*Parasitic--Think a tiny worm or something, breathed in, eaten, transferred, whatever. This is my personal favorite vector, because not only could it spread FAST, but it would explain the zombie-effect, parasites have already demonstrated an ability to turn their sycophant into a machine existing entirely to do its bidding, such as the caterpillar or the Caribbean living-dead thing. Parasites wouldn't REALLY care even if the host WAS alive, as they could potentially hijack the central nervous system. They wouldn't need bloodflow, positive pressure in the circulatory system, or a working brain. I like to imagine a brain-stem worm, and all he cares about is something IN blood. He loves hemoglobin, or he loves oxygenated iron, or something. That's his food source. So, he infects once, and begins reproducing, dropping himself into the saliva, or into the blood/bile/whatever, he can make the jaws ooze if he wants to, and he has the host go about biting anyone he can. Of course the flesh is being eaten, but it doesn't necessarily go to the stomach. Or just because it's being stored in the stomach, it doesn't mean it's being digested. Perhaps the adult parasite is a very long worm that eats from his head and controls your nervous system from his tail dendrites. You know? Who knows. I mean, bastard could even leak fluids that could slip in between your DNA if he wanted to. I mean, he's a parasite. Theoretically, you could be DEAD and he could still make you move, especially as he broke down your body into raw sugars and let your muscles burn themselves apart.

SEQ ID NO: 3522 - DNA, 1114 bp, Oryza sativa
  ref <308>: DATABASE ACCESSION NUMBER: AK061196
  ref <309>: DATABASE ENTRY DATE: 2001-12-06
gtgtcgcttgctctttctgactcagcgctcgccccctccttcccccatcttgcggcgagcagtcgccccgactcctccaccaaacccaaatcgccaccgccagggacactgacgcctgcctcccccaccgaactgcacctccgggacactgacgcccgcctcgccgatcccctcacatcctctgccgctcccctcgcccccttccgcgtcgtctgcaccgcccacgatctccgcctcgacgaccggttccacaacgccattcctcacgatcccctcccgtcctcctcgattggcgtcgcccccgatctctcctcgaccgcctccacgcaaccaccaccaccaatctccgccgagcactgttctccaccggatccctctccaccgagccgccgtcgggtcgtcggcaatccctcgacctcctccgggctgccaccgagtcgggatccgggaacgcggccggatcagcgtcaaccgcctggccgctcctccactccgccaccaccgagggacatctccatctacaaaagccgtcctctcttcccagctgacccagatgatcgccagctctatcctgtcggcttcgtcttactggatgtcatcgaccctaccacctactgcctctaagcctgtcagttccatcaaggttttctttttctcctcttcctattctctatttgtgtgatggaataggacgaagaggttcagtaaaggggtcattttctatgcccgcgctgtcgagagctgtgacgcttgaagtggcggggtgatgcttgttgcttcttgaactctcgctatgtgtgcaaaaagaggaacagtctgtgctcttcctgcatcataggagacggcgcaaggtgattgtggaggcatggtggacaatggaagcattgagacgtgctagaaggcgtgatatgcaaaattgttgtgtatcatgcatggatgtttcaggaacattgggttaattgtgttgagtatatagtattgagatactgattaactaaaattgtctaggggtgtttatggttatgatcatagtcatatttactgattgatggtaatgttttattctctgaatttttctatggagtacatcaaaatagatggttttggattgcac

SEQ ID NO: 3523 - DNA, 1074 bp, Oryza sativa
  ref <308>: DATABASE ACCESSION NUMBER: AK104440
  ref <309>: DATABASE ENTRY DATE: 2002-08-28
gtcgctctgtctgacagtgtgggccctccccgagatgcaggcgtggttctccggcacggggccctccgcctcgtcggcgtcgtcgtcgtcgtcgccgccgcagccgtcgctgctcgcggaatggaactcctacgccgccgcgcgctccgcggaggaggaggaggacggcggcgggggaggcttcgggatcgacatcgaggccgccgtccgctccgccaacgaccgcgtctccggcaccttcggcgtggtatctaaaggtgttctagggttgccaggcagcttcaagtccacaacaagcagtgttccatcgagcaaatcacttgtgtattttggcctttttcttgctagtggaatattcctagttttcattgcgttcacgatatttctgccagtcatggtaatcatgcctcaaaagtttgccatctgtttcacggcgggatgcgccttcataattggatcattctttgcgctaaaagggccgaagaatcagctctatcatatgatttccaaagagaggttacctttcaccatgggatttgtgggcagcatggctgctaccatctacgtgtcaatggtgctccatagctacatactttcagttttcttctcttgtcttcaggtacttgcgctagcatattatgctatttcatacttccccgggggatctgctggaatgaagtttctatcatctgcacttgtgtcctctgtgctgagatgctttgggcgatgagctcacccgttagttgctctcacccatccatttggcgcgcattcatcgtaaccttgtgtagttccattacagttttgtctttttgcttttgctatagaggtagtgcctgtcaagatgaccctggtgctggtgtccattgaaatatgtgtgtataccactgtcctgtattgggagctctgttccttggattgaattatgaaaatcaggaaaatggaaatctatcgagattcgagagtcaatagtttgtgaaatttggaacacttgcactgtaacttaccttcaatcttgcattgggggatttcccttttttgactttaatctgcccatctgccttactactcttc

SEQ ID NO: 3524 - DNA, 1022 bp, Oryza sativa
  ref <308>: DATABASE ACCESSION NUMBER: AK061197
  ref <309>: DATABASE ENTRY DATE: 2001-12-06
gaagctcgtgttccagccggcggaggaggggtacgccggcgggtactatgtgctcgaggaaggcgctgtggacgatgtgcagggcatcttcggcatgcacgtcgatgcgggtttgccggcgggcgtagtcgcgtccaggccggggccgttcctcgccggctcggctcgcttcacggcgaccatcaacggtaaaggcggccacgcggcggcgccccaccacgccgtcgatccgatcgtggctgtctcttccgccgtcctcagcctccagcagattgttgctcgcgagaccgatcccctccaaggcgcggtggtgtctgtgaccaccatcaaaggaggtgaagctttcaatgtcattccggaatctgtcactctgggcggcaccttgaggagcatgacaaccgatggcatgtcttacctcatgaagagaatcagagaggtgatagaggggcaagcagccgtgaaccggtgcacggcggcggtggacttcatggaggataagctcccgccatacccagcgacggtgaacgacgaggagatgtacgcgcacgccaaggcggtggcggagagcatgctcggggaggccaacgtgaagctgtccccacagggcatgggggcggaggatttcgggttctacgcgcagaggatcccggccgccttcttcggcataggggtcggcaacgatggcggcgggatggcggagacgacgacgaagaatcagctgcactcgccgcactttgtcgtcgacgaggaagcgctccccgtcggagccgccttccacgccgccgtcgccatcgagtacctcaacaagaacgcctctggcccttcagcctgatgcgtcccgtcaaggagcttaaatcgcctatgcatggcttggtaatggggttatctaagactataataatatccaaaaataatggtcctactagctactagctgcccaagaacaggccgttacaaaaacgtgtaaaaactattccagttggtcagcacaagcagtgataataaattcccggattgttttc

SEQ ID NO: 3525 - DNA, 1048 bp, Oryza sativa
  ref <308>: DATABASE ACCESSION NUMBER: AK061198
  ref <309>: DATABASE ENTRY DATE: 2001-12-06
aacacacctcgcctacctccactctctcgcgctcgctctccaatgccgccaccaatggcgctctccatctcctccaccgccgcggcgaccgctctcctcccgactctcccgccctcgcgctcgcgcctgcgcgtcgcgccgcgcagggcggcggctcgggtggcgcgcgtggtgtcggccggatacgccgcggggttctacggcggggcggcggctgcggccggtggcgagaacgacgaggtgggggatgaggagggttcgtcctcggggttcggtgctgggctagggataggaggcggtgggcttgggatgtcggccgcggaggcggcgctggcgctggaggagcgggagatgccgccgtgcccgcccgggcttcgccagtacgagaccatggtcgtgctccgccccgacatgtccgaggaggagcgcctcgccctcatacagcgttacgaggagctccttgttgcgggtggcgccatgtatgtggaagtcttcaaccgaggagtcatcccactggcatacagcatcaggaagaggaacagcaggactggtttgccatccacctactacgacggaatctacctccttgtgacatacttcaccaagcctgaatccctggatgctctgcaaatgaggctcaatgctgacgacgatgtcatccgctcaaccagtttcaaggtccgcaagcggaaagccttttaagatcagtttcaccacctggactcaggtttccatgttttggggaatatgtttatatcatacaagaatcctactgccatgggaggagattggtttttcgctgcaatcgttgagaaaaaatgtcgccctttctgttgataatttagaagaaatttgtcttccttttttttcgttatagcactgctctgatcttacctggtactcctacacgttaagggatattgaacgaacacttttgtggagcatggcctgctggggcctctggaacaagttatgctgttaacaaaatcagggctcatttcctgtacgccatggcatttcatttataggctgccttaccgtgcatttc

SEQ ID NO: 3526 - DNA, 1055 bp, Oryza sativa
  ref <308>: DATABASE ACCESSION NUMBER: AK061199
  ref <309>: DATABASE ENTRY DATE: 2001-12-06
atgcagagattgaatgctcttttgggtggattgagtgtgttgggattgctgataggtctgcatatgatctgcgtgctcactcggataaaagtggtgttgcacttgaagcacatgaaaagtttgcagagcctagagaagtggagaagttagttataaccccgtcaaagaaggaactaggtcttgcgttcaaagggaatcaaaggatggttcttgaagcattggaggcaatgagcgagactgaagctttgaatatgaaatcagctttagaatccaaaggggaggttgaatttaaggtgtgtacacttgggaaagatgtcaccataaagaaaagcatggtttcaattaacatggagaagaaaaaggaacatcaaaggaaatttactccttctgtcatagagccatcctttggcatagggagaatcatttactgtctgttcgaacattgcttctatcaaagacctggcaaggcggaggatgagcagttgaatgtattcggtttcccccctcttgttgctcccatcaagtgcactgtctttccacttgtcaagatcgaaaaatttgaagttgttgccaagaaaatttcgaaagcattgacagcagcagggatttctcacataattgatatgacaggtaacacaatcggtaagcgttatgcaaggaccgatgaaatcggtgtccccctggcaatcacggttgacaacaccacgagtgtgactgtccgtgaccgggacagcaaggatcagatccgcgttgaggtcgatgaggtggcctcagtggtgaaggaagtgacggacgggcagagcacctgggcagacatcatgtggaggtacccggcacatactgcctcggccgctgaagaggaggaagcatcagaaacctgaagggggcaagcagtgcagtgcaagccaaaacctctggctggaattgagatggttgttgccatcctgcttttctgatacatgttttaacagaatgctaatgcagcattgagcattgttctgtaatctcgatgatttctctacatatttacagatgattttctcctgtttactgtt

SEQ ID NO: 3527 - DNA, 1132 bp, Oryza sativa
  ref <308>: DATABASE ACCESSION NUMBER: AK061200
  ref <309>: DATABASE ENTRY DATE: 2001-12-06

There are other theories too, like an induced psychotic state, but that's stupid in my book. Few of the other theories are any good from my perspective. I try to avoid the "supernatural" or "demonic" or "alien" or whatever, because, well, this is SCIENCE! With an Exclamation Point.

Anyway---so if it's a virus or a bacterium, we can assume that it needs your parathetic and sympathetic nervous system to sustain itself. The eaten flesh is going SOMEWHERE, and it has to be getting something from it. Whether or not the flesh is being digested...who knows, probably so. If it wasn't, surely the zombie would explode from the buildup of solids/gasses. Likely not so much of a poop but more of a persistent foul dribble.